Daily Telegraph. May 27, 1927, p.17.

By VIRGINIA WOOLF. (Hogarth Press. 7s 6d

It would be an affectation to pretend that Mrs.
Woolf’s fiction makes easy reading, but it would
be sheer stupidity to deny it qualities of high distinction 
and haunting suggestiveness. No doubt
Mrs. Woolf has been influenced by Henry James;
the intermittent allusiveness of her style derives
from him, so also does her sensitive insistence
upon the under-currents of mood and emotion
which intrude themselves upon the placid assumption 
of the conventional atmosphere of speech and
reticence. The enigma of life is a perpetual 
torture to her characters. What does it
all mean? Whither are we drifting? What
are our real relationships with one another,
underneath these veils of pretence, this
crackling of thorns under a pot, which constitutes 
the common conversations of the thoughtless? 
If eternity can be captured in a moment’s
impression, it is equally true that a confused
tangle of impressions can make an unintelligible
muddle of a whole life. Every day brings its
own addition to the piled-up scrap-heap of wasted
opportunities for mutual recognition and sympathy.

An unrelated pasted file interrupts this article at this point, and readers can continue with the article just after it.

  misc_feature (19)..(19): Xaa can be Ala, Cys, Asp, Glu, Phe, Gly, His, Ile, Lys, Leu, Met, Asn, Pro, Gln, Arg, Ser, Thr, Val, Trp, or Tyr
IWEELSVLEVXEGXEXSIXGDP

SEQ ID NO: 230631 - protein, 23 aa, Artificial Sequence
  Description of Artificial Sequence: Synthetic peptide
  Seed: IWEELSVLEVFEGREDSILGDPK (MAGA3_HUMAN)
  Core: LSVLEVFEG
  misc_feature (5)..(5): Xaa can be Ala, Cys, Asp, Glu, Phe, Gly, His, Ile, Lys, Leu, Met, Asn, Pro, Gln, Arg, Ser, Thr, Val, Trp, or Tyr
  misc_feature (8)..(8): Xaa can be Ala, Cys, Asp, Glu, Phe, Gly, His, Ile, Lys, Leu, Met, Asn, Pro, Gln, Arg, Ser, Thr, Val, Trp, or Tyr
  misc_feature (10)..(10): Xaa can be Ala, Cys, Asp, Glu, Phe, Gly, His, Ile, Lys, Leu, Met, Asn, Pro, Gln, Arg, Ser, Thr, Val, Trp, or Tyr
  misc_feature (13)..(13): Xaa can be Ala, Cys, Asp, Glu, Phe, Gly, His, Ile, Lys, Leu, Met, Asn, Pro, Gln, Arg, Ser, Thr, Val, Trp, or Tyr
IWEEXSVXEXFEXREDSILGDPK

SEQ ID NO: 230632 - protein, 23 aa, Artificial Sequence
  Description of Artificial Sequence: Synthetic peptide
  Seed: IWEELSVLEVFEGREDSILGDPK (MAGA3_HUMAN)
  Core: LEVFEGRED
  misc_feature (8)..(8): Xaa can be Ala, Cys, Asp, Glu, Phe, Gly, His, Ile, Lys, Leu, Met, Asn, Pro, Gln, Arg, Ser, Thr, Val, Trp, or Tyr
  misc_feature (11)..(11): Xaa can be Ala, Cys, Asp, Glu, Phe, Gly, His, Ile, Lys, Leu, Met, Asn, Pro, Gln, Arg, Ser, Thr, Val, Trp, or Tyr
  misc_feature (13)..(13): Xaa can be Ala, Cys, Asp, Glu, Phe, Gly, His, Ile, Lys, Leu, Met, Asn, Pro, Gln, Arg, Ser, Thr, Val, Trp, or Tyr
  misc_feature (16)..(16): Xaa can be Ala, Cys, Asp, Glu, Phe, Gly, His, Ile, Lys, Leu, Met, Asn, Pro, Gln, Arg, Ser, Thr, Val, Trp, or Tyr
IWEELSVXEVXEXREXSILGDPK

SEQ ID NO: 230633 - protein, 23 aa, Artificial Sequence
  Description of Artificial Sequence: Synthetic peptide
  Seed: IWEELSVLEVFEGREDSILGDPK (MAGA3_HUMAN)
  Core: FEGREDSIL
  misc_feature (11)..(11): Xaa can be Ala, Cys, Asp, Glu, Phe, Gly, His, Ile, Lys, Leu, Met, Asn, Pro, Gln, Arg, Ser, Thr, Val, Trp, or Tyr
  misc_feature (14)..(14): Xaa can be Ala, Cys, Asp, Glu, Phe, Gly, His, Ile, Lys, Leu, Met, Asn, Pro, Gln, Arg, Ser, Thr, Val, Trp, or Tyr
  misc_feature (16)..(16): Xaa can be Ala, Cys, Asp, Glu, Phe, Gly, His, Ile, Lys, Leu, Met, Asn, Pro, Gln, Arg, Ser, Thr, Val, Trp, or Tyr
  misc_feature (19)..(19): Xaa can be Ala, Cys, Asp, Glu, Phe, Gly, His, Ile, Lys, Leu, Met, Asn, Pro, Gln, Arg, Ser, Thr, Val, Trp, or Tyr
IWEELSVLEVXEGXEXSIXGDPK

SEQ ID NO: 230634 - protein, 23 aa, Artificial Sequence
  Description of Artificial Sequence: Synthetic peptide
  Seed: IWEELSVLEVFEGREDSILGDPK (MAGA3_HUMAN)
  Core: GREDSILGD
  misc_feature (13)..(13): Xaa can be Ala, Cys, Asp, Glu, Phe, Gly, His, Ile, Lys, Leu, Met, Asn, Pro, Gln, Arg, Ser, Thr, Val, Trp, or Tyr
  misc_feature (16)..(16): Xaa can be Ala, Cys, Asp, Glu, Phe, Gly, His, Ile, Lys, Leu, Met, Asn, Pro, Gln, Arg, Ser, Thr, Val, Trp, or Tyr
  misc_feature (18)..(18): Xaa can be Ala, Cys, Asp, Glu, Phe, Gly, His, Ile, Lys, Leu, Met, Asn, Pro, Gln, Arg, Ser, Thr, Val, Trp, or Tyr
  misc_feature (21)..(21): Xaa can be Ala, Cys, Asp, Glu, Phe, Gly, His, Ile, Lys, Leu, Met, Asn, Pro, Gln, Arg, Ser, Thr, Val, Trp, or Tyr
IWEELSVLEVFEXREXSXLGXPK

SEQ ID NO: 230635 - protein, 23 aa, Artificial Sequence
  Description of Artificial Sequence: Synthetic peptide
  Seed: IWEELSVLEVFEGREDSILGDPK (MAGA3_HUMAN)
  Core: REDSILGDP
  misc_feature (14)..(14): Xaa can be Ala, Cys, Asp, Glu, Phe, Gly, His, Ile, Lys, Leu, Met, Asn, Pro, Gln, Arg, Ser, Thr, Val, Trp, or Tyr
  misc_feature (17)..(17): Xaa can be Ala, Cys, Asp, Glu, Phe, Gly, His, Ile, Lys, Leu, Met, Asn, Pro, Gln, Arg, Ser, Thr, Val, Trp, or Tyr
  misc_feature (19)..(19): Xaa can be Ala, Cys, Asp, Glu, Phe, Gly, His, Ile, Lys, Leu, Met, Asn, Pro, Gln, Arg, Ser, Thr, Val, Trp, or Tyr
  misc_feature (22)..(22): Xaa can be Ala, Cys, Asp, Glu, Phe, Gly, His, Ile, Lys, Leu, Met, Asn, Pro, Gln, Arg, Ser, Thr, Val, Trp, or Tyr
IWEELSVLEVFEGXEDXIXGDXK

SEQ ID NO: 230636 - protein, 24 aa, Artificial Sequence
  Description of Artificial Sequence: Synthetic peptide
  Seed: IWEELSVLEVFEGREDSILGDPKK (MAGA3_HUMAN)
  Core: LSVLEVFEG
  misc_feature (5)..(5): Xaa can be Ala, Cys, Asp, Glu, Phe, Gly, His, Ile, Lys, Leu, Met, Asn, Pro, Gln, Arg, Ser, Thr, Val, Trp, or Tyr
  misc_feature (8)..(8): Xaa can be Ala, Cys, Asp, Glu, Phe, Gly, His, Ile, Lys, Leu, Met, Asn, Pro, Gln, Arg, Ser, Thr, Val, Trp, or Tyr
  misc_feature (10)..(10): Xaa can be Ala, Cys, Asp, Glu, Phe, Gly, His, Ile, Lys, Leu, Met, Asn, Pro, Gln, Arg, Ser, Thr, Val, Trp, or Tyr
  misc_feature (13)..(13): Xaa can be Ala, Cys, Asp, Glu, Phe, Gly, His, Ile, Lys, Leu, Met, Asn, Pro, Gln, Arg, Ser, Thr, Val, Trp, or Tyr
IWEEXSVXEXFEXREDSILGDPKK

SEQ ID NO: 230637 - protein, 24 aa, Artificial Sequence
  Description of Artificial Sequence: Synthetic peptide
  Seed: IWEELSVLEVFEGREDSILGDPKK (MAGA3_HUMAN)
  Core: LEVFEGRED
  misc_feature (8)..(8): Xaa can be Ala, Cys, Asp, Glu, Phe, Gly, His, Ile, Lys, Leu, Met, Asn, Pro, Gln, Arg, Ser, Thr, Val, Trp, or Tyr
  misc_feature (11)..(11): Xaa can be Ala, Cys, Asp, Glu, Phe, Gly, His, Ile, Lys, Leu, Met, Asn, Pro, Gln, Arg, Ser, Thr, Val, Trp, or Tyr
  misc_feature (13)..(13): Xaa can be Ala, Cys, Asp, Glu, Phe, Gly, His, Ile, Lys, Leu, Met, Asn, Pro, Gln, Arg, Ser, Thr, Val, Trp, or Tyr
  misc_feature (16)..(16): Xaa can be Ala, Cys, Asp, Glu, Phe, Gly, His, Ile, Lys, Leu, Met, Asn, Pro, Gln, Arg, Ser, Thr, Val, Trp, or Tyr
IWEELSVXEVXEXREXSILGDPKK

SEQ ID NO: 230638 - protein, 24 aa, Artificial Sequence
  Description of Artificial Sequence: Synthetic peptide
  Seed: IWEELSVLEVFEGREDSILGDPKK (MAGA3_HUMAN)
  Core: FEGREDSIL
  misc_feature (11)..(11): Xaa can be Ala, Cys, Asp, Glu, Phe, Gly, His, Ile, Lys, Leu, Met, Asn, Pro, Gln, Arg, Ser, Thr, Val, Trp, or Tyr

Some such idea as this seems to nestle at the
heart of “To the Lighthouse.” Mr. Ramsay, a 
dreaming scientist, and his capable, busy wife
have brought their eight children to a cottage in
the North of Scotland and surrounded themselves
with friends, an argumentative atheist, a disillusioned 
girl-artist, a pair of young lovers,
and so forth, all bent on making the best of holiday-
time. Across the bay is a lighthouse, which 
makes a fascinating expedition, when it is fine, and
Mrs. Ramsay, always bent on good works, wants
to go over there with gifts for the keeper and his
children. Her little boy James wants terribly to
go also, for the sake of the adventure. But the
expedition is never made, or, when it is made,
years afterwards, Mrs. Ramsay is dead and James
has grown up. The purpose of the expedition has
vanished, just as all purposes seem to vanish in
this world of half-lights and half-realised perceptions. 
The little company here gathered together
seems to be continually struggling to establish
communications one with another, to understand
the interactions of its pilgrimage, to arrive at the
meaning of life. But always, just when a confidence 
appears to be forming itself, an interruption
intrudes, the spell is broken, the rigid convention
of artificiality reasserts itself. The world is a 
wilderness where pilgrims meet and pass in the 
night, vainly endeavouring to break down the
barriers that separate one personality from 
another. Vision is something; sympathy is something 
also; but the vision is partial, the sympathy
is a groping in the dark. It is rather a grey reflection, 
but it will carry its own conviction to the
thinker. And it is for the thinker that Mrs. Woolf
writes, out of the intensity of her own thoughtfulness 
and doubt.